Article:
Any civic-unit portion of the first/combination of the second is meant.
A person has personhood rights. A people has people’s rights. The We the People clause identifies us, the people of the United States. Amendment X’s expression of powers reserved to the people reveals the same. A people is the residents of a town, county, state, nation or other civic unit. As a civic unit, a people has civic rights, powers and duties. A city’s government, for example, must collect trash to promote its people’s welfare right to sanitary streets. The city’s people have a duty to put out their trash on a schedule. This doesn’t mean a people’s association right requires that no resident miss a town hall. People’s rights need not be exercised by any given individual. They are republican, or representative (art IV, §4), so those of the people who choose to attend represent the town as a whole. (What people’s rights are not, is transferrable to a private group.)
Liberty is a public as well as a private right. A people has liberty when it’s not a colony, territory or possession of another people.
Personhood rights and people’s rights are inalienable. Inalienable literally means can’t be given away. Your life and liberties are yours to lose. You can’t give anyone else (except government) the potential to lose them for you. A state, territory, the District of Columbia or the United States can exercise the people’s personhood rights on our behalf only because they are governmental entities, a unique form of entity.
The citizenry, while sometimes called the people, actually refers to a smaller aggregate governmental entity: while persons have no specifically governmental duties, citizens perform the governmental functions of voting, serving on juries and in the military when a draft is in effect, and so on. The citizenry of a state, territory, District of Columbia or the United States is a governmental entity. Even then, the courts recognize an individual right of freedom of conscience: government can subject us to war as a people and serving in it as a citizenry, but our moral principles remain our own to exercise individually by choosing not to serve. Service is republican.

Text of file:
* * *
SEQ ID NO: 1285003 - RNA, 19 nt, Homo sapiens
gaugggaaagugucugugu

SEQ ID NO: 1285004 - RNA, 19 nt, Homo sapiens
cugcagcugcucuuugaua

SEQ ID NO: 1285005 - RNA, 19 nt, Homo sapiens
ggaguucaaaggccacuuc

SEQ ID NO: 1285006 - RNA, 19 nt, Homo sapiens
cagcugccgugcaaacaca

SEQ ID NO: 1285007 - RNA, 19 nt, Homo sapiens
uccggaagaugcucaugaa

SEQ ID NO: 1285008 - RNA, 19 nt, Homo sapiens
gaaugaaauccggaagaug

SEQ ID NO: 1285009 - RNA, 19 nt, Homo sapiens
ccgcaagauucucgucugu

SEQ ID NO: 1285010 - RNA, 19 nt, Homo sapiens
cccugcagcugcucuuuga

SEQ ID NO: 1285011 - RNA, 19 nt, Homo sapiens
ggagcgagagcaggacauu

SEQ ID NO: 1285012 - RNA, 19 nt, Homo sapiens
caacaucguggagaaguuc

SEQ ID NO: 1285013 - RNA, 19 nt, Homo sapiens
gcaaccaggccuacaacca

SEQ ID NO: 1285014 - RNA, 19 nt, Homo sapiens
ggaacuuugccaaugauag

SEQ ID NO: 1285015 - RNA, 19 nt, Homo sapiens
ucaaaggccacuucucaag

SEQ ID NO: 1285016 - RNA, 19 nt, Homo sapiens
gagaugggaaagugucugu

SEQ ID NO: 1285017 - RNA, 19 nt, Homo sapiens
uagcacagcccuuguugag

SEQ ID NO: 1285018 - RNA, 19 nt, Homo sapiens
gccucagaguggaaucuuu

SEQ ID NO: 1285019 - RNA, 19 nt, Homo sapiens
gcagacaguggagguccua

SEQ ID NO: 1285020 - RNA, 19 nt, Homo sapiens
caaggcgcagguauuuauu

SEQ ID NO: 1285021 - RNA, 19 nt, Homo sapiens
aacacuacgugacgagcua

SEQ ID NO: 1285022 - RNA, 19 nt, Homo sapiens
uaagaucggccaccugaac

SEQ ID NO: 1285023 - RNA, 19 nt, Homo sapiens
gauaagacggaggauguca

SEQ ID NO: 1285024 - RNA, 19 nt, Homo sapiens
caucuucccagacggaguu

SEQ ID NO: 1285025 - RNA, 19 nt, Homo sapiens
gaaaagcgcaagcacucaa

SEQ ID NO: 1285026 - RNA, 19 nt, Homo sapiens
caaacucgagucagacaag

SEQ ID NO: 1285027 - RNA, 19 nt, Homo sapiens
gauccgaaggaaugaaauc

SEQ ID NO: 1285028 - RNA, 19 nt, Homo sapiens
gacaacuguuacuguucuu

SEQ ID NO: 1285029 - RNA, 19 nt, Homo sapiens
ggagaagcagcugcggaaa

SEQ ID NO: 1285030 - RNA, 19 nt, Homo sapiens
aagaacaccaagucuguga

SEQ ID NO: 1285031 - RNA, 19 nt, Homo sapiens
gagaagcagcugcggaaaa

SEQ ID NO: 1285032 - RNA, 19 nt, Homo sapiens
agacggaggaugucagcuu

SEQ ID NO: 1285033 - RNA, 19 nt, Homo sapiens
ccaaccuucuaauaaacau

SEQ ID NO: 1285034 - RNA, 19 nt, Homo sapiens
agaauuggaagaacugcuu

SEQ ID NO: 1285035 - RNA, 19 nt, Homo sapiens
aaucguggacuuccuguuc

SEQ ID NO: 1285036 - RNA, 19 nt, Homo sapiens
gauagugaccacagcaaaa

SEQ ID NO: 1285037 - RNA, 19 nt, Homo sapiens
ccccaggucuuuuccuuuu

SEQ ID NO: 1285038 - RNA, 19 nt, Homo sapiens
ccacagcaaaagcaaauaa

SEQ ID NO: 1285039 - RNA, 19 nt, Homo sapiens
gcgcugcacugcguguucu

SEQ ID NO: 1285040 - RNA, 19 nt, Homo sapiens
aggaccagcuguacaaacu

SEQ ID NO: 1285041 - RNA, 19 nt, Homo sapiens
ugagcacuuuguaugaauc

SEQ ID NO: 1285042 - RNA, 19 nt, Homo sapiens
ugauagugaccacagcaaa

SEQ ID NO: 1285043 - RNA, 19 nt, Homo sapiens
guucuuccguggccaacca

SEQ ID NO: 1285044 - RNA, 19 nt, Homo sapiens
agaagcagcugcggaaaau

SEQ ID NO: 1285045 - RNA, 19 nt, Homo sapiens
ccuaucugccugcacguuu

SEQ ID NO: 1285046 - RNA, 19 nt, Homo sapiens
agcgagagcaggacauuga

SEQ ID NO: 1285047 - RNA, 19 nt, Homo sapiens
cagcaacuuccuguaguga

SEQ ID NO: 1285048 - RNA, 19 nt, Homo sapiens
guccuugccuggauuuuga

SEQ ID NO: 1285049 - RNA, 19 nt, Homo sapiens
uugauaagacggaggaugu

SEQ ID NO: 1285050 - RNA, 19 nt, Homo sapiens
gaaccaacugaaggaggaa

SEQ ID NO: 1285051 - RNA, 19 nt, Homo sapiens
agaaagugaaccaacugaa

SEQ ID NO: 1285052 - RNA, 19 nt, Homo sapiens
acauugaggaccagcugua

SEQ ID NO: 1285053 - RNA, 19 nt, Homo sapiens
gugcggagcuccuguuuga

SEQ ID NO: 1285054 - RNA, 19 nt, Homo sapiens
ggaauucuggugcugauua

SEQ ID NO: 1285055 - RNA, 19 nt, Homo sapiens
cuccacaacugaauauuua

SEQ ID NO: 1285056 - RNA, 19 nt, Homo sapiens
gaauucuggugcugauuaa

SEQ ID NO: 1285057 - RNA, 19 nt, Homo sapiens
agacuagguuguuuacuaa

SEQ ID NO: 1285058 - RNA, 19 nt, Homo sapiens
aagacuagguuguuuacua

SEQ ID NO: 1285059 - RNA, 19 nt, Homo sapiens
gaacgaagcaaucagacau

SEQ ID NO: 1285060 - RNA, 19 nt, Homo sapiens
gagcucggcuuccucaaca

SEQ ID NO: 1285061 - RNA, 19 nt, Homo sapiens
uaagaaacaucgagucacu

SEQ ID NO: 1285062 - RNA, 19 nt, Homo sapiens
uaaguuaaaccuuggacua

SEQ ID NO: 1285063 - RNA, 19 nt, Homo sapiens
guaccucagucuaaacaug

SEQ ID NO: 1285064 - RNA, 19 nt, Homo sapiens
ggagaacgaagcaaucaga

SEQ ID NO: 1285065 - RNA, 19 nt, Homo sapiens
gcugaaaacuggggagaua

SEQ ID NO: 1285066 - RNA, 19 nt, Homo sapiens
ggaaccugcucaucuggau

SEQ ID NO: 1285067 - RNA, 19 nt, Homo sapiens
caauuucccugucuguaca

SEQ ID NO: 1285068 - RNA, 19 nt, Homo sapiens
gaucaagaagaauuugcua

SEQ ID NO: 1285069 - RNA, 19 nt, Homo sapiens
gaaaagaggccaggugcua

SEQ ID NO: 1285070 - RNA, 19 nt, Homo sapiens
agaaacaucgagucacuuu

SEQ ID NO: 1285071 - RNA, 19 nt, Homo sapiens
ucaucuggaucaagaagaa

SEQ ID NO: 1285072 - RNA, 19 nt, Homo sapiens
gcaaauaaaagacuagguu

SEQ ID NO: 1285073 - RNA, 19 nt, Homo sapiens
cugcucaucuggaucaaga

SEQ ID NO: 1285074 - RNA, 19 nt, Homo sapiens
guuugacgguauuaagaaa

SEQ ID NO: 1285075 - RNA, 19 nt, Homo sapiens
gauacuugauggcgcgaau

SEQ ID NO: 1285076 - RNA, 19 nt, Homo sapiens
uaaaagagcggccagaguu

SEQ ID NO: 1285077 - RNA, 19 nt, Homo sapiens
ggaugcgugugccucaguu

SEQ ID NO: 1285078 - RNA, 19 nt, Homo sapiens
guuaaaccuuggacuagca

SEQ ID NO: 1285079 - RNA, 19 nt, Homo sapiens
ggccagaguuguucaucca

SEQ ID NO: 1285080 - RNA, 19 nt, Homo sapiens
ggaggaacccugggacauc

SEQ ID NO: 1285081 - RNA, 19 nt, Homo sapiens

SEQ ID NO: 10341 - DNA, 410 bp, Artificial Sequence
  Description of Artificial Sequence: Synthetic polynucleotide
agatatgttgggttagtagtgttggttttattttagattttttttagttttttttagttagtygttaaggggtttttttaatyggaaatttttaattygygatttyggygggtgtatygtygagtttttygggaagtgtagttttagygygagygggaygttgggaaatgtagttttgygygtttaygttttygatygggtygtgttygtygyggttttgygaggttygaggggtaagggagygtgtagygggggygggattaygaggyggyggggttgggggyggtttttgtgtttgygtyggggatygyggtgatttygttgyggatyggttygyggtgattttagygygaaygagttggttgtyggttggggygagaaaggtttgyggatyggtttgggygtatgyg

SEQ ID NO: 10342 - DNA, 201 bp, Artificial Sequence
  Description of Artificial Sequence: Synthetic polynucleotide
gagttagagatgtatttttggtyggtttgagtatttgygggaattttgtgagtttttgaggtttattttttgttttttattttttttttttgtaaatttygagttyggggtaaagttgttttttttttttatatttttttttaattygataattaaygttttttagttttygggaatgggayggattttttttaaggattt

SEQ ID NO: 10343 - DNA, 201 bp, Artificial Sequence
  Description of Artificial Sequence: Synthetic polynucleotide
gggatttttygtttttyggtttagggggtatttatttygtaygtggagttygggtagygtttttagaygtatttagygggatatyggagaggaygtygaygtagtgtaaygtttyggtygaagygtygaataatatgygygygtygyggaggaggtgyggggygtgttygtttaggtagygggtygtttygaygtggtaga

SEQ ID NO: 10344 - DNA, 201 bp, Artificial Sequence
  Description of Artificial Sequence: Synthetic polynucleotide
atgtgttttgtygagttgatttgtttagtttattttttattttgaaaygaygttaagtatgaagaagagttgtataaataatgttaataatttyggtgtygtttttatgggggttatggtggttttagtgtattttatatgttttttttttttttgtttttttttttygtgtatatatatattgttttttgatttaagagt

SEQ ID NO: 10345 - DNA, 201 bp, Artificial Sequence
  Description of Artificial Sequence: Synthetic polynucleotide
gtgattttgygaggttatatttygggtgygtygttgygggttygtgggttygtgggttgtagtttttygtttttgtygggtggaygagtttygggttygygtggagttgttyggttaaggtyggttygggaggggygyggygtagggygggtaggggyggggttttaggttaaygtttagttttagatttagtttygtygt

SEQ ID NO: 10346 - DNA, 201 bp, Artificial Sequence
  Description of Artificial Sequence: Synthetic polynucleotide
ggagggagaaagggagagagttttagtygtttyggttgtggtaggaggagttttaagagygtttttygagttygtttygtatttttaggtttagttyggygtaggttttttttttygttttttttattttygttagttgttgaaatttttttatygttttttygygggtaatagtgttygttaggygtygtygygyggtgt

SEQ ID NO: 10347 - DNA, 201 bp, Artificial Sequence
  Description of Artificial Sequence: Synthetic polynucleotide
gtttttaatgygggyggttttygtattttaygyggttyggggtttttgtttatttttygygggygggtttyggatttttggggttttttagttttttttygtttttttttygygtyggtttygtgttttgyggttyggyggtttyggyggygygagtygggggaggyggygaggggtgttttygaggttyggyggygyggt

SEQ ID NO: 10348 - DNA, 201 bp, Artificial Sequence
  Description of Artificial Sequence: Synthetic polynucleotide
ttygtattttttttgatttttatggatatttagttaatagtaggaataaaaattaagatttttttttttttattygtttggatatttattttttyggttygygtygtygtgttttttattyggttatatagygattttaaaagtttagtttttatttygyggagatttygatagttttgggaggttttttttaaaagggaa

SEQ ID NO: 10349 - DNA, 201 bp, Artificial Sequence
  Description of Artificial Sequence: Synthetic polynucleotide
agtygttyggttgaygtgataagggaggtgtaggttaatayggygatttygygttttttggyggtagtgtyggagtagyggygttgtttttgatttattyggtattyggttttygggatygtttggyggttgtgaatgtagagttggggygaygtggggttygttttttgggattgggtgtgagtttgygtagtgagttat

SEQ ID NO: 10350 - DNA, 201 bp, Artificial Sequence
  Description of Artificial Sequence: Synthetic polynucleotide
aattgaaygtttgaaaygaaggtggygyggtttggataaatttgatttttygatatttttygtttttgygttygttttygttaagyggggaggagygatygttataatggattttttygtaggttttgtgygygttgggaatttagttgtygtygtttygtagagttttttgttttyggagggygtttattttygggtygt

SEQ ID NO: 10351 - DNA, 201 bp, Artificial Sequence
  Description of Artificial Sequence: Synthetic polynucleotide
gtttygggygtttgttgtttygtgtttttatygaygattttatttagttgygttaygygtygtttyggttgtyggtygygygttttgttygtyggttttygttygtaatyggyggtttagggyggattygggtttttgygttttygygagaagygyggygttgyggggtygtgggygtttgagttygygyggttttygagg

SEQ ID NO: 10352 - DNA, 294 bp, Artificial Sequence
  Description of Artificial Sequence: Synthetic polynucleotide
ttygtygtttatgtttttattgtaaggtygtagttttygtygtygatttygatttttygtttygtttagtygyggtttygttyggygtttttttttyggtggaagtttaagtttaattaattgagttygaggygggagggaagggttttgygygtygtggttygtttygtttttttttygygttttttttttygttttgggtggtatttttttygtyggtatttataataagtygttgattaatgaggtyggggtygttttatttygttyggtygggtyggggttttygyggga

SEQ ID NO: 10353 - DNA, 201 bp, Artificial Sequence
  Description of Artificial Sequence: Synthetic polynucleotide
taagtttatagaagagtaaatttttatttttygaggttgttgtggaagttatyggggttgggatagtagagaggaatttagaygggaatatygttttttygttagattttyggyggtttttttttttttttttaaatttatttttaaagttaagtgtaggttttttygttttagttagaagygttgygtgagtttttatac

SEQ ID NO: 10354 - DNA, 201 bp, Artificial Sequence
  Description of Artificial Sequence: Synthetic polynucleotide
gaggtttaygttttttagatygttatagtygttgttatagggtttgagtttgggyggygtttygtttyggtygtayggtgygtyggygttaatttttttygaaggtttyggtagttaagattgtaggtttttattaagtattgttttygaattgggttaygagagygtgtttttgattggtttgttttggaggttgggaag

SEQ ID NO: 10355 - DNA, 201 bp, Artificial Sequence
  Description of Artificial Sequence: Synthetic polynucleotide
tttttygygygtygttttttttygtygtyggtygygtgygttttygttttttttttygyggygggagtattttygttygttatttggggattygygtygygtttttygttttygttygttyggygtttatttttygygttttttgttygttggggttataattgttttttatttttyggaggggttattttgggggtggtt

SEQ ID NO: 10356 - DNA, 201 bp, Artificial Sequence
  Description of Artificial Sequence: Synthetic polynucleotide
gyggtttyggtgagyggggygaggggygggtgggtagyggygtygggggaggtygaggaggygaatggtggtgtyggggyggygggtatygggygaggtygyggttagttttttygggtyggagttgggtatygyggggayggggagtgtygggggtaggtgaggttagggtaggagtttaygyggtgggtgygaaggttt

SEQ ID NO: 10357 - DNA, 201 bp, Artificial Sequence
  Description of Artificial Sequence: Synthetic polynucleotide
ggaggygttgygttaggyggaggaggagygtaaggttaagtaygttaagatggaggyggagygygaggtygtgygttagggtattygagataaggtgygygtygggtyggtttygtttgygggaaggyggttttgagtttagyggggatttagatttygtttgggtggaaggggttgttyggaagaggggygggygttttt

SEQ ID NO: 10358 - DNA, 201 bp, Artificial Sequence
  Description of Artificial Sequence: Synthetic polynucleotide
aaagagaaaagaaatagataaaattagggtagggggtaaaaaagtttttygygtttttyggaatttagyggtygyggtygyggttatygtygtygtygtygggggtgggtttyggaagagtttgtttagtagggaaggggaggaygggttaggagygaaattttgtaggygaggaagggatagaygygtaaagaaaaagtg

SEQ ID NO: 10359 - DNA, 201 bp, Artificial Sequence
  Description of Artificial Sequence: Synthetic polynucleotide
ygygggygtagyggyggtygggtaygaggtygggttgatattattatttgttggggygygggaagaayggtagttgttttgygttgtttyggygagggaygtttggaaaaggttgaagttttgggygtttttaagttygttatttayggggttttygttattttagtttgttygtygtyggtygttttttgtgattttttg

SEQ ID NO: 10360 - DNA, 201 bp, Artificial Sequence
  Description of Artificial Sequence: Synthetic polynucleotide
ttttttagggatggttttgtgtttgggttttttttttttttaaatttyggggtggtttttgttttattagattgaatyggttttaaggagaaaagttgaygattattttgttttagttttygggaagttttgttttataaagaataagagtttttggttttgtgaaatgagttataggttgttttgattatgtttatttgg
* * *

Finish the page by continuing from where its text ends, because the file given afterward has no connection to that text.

natural sovereign entity
personhood rights and powers
right and power of self-governance
can leave society to live in the wild, so no natural civic duties
when resident: one of the people, constitutional people’s duties, statutory privileges and immunities needed to perform people’s duties
when a citizen: constitutional citizen’s duties, privileges and immunities; constitutional citizenry’s duties, privileges and immunities
when here as a visitor: personhood rights and powers constitutionally protected, basic social duties and such statutory privileges and immunities as are needed to perform them, privileges and immunities of home nation that can be enforced by home nation
when resident but not a citizen: can voluntarily accept some civic duties (example: military service), gaining constitutional and statutory privileges and immunities needed to perform them
self-selected civic and social unit, primarily determined by residency
natural people’s rights and powers
privileges and immunities needed to perform people’s civic duties
vested civic unit, not determined by residency
privileges and immunities
vested civic unit, not determined by residency
privileges and immunities needed to perform citizenry’s civic duties
Because a citizen is also a person and a citizenry is also a people, they have no separate sovereignty, rights or powers because they are already aspects of sovereigns.
The rights of a person are invoked individually. The rights of a people or citizenry must be invoked by a group (for example, the people of a state). Do you see the importance of the Guarantee clause (art IV, §4)? It’s the textual mechanism for asserting our people’s and citizenry’s rights (and powers) and for performing our people’s and citizenry’s duties.